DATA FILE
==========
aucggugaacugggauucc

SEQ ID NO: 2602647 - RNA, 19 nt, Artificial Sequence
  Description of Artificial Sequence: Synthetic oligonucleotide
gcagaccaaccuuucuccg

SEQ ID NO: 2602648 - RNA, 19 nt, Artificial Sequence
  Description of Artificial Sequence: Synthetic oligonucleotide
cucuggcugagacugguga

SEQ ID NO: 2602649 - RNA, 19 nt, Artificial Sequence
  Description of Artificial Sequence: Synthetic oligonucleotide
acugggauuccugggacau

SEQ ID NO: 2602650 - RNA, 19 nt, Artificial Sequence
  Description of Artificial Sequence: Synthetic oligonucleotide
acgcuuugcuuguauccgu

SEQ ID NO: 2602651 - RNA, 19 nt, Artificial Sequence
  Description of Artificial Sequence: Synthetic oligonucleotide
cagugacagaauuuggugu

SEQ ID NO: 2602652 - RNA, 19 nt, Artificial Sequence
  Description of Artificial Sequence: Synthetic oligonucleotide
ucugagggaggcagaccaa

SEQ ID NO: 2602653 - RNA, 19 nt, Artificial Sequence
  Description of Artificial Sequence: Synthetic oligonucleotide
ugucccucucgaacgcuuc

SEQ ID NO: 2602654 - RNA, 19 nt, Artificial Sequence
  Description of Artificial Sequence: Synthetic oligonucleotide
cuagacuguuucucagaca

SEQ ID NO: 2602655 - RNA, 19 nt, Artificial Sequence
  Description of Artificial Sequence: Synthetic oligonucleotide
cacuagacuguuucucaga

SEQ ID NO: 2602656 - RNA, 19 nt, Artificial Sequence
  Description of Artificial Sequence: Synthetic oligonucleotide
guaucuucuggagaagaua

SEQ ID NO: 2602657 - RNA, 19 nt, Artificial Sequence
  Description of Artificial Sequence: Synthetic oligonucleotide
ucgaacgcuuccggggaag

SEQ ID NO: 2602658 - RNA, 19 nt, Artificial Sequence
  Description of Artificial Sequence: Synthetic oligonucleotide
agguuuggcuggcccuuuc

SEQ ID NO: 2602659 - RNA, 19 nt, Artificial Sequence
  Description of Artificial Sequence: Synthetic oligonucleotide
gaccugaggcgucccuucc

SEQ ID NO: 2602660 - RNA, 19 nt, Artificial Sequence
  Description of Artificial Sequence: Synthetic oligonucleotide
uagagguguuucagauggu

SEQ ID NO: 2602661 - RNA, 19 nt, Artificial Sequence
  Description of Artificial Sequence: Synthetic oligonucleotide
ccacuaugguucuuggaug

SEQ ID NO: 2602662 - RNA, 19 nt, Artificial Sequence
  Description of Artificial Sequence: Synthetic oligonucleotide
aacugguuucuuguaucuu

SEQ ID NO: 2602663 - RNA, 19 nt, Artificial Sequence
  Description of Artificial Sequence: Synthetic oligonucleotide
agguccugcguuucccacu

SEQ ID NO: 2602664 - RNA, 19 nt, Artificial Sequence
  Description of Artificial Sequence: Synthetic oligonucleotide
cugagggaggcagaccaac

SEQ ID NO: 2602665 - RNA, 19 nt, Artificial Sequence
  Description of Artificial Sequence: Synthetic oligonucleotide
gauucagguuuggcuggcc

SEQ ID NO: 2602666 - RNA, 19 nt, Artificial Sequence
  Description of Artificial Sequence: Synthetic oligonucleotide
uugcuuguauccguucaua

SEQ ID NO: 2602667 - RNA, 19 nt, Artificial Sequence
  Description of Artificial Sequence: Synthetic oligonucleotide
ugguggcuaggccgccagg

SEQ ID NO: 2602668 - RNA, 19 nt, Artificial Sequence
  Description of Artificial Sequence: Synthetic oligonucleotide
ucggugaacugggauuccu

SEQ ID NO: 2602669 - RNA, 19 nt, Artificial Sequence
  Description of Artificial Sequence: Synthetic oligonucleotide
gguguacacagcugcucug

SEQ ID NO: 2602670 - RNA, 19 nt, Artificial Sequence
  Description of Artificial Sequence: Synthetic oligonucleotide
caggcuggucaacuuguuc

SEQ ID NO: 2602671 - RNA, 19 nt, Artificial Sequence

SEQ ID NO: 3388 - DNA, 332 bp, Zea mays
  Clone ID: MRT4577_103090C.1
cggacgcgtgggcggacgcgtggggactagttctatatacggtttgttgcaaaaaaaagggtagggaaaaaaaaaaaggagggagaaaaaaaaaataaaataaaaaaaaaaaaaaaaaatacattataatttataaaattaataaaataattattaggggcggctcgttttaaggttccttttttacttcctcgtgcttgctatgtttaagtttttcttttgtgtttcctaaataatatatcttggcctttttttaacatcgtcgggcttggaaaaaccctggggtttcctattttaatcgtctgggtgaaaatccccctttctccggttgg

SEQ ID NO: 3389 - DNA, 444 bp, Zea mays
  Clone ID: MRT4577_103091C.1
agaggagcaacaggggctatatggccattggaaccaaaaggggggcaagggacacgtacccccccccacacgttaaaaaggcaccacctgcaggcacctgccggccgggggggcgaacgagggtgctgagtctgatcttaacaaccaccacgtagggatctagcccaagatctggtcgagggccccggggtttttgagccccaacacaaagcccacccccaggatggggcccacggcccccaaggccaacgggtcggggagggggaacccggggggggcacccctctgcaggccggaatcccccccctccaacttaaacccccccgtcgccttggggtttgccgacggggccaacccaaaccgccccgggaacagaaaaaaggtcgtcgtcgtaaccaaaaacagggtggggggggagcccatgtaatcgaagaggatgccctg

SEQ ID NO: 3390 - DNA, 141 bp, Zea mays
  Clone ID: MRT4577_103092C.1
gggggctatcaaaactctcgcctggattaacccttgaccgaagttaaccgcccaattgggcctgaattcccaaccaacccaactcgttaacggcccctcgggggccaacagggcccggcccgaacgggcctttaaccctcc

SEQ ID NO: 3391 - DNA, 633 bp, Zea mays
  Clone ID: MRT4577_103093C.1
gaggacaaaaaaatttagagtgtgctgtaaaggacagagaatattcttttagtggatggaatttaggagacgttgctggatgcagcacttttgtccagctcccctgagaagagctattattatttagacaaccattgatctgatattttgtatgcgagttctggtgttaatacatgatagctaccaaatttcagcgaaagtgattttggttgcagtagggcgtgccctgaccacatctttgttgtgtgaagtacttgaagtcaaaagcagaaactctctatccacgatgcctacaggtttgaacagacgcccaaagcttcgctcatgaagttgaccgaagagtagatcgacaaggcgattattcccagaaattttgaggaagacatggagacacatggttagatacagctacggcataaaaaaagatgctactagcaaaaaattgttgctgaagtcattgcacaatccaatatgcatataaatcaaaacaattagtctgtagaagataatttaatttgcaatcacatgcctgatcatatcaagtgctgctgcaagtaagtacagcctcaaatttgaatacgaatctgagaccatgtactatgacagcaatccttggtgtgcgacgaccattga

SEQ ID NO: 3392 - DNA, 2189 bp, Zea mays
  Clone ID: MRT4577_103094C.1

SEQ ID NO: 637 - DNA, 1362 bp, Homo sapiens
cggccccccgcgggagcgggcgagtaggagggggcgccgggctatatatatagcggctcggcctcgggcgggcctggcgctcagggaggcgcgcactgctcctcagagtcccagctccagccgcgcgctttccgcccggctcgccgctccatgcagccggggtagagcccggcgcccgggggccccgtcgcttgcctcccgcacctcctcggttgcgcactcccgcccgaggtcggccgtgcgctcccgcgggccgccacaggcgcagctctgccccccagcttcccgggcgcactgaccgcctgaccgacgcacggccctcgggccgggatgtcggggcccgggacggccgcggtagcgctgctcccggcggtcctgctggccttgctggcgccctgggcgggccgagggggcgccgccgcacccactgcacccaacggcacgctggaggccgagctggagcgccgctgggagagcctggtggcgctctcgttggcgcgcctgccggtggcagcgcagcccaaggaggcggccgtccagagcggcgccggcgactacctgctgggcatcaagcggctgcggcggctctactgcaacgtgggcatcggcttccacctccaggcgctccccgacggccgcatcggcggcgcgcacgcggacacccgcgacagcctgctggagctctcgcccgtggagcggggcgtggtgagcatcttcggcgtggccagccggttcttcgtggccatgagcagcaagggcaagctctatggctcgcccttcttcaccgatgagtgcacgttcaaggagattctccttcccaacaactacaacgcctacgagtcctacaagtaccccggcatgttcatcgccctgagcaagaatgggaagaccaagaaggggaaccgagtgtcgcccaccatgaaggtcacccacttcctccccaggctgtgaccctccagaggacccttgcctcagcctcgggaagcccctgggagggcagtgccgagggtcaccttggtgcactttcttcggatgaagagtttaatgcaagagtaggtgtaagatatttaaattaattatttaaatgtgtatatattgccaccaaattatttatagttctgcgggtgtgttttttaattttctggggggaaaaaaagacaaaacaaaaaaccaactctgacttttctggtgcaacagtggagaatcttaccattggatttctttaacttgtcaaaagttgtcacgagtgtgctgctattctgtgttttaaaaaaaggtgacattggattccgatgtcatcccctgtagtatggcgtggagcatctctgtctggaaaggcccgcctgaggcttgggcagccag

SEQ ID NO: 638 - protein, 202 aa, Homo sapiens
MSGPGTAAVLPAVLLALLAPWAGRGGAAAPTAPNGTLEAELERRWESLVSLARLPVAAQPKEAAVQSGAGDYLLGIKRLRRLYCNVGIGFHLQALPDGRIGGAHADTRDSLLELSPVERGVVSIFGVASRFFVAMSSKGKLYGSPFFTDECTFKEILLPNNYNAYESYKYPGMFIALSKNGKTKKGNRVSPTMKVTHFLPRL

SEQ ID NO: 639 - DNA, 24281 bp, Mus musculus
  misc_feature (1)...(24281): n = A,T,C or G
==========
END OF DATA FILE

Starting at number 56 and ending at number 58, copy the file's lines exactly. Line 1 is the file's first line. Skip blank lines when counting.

SEQ ID NO: 2602665 - RNA, 19 nt, Artificial Sequence
  Description of Artificial Sequence: Synthetic oligonucleotide
gauucagguuuggcuggcc